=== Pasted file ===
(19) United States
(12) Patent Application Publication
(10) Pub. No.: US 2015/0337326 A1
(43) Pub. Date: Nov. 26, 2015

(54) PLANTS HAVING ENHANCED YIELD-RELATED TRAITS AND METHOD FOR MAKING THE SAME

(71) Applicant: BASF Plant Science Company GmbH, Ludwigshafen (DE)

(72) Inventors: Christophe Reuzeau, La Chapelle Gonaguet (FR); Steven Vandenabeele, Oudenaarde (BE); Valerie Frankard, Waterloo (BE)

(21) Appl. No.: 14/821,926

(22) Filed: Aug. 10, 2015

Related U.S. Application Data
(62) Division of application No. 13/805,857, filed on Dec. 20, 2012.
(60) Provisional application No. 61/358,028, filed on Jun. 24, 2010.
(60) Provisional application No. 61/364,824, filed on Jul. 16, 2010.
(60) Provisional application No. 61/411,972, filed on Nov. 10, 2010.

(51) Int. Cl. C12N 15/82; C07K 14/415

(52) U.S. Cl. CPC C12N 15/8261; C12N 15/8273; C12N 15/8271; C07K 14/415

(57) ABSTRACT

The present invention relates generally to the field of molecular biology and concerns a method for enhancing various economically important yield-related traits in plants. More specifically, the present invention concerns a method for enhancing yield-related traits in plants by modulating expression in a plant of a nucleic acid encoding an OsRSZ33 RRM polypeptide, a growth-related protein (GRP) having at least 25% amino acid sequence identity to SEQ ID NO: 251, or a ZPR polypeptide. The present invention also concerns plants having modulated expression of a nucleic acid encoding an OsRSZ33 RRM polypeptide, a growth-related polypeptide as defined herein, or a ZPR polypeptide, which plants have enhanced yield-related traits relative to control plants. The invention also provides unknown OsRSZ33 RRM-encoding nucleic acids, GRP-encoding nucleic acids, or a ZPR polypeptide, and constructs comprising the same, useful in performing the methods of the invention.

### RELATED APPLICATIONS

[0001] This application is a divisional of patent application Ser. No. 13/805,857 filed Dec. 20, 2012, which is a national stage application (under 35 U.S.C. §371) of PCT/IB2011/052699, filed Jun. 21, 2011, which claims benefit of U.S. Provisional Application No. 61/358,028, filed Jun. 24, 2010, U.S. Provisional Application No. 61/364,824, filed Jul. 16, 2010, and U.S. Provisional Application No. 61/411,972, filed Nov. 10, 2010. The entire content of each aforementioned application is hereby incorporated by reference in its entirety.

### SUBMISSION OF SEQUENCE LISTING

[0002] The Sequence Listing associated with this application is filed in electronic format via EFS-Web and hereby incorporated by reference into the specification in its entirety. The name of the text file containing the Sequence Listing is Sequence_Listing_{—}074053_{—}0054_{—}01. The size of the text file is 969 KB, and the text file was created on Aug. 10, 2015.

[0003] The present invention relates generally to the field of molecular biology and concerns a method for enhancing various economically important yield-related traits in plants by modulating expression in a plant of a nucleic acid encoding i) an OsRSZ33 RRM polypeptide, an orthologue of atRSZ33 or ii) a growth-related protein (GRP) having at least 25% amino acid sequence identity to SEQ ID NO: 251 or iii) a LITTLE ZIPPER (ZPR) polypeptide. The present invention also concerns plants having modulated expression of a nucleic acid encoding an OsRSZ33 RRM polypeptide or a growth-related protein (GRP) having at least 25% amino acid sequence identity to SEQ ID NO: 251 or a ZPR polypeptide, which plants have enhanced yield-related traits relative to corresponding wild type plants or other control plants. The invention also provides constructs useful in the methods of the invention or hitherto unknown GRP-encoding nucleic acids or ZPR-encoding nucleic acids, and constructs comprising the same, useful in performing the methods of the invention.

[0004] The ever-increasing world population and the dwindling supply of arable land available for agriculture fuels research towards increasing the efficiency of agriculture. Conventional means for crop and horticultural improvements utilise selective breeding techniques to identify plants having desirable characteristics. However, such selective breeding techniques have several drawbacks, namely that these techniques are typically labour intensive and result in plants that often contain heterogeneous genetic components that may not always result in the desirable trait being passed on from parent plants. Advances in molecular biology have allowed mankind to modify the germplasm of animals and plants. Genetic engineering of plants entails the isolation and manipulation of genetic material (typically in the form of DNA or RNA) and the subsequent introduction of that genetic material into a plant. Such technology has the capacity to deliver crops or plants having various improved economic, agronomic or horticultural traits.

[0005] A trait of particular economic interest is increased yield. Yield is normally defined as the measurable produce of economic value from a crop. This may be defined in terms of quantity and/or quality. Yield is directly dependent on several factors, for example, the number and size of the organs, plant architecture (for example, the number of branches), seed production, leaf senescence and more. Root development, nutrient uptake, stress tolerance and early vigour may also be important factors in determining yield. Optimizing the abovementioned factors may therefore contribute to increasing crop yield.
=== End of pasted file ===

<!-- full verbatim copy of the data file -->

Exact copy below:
(19) United States
(12) Patent Application Publication
(10) Pub. No.: US 2015/0337326 A1
(43) Pub. Date: Nov. 26, 2015

(54) PLANTS HAVING ENHANCED YIELD-RELATED TRAITS AND METHOD FOR MAKING THE SAME

(71) Applicant: BASF Plant Science Company GmbH, Ludwigshafen (DE)

(72) Inventors: Christophe Reuzeau, La Chapelle Gonaguet (FR); Steven Vandenabeele, Oudenaarde (BE); Valerie Frankard, Waterloo (BE)

(21) Appl. No.: 14/821,926

(22) Filed: Aug. 10, 2015

Related U.S. Application Data
(62) Division of application No. 13/805,857, filed on Dec. 20, 2012.
(60) Provisional application No. 61/358,028, filed on Jun. 24, 2010.
(60) Provisional application No. 61/364,824, filed on Jul. 16, 2010.
(60) Provisional application No. 61/411,972, filed on Nov. 10, 2010.

(51) Int. Cl. C12N 15/82; C07K 14/415

(52) U.S. Cl. CPC C12N 15/8261; C12N 15/8273; C12N 15/8271; C07K 14/415

(57) ABSTRACT

The present invention relates generally to the field of molecular biology and concerns a method for enhancing various economically important yield-related traits in plants. More specifically, the present invention concerns a method for enhancing yield-related traits in plants by modulating expression in a plant of a nucleic acid encoding an OsRSZ33 RRM polypeptide, a growth-related protein (GRP) having at least 25% amino acid sequence identity to SEQ ID NO: 251, or a ZPR polypeptide. The present invention also concerns plants having modulated expression of a nucleic acid encoding an OsRSZ33 RRM polypeptide, a growth-related polypeptide as defined herein, or a ZPR polypeptide, which plants have enhanced yield-related traits relative to control plants. The invention also provides unknown OsRSZ33 RRM-encoding nucleic acids, GRP-encoding nucleic acids, or a ZPR polypeptide, and constructs comprising the same, useful in performing the methods of the invention.

### RELATED APPLICATIONS

[0001] This application is a divisional of patent application Ser. No. 13/805,857 filed Dec. 20, 2012, which is a national stage application (under 35 U.S.C. §371) of PCT/IB2011/052699, filed Jun. 21, 2011, which claims benefit of U.S. Provisional Application No. 61/358,028, filed Jun. 24, 2010, U.S. Provisional Application No. 61/364,824, filed Jul. 16, 2010, and U.S. Provisional Application No. 61/411,972, filed Nov. 10, 2010. The entire content of each aforementioned application is hereby incorporated by reference in its entirety.

### SUBMISSION OF SEQUENCE LISTING

[0002] The Sequence Listing associated with this application is filed in electronic format via EFS-Web and hereby incorporated by reference into the specification in its entirety. The name of the text file containing the Sequence Listing is Sequence_Listing_{—}074053_{—}0054_{—}01. The size of the text file is 969 KB, and the text file was created on Aug. 10, 2015.

[0003] The present invention relates generally to the field of molecular biology and concerns a method for enhancing various economically important yield-related traits in plants by modulating expression in a plant of a nucleic acid encoding i) an OsRSZ33 RRM polypeptide, an orthologue of atRSZ33 or ii) a growth-related protein (GRP) having at least 25% amino acid sequence identity to SEQ ID NO: 251 or iii) a LITTLE ZIPPER (ZPR) polypeptide. The present invention also concerns plants having modulated expression of a nucleic acid encoding an OsRSZ33 RRM polypeptide or a growth-related protein (GRP) having at least 25% amino acid sequence identity to SEQ ID NO: 251 or a ZPR polypeptide, which plants have enhanced yield-related traits relative to corresponding wild type plants or other control plants. The invention also provides constructs useful in the methods of the invention or hitherto unknown GRP-encoding nucleic acids or ZPR-encoding nucleic acids, and constructs comprising the same, useful in performing the methods of the invention.

[0004] The ever-increasing world population and the dwindling supply of arable land available for agriculture fuels research towards increasing the efficiency of agriculture. Conventional means for crop and horticultural improvements utilise selective breeding techniques to identify plants having desirable characteristics. However, such selective breeding techniques have several drawbacks, namely that these techniques are typically labour intensive and result in plants that often contain heterogeneous genetic components that may not always result in the desirable trait being passed on from parent plants. Advances in molecular biology have allowed mankind to modify the germplasm of animals and plants. Genetic engineering of plants entails the isolation and manipulation of genetic material (typically in the form of DNA or RNA) and the subsequent introduction of that genetic material into a plant. Such technology has the capacity to deliver crops or plants having various improved economic, agronomic or horticultural traits.

[0005] A trait of particular economic interest is increased yield. Yield is normally defined as the measurable produce of economic value from a crop. This may be defined in terms of quantity and/or quality. Yield is directly dependent on several factors, for example, the number and size of the organs, plant architecture (for example, the number of branches), seed production, leaf senescence and more. Root development, nutrient uptake, stress tolerance and early vigour may also be important factors in determining yield. Optimizing the abovementioned factors may therefore contribute to increasing crop yield.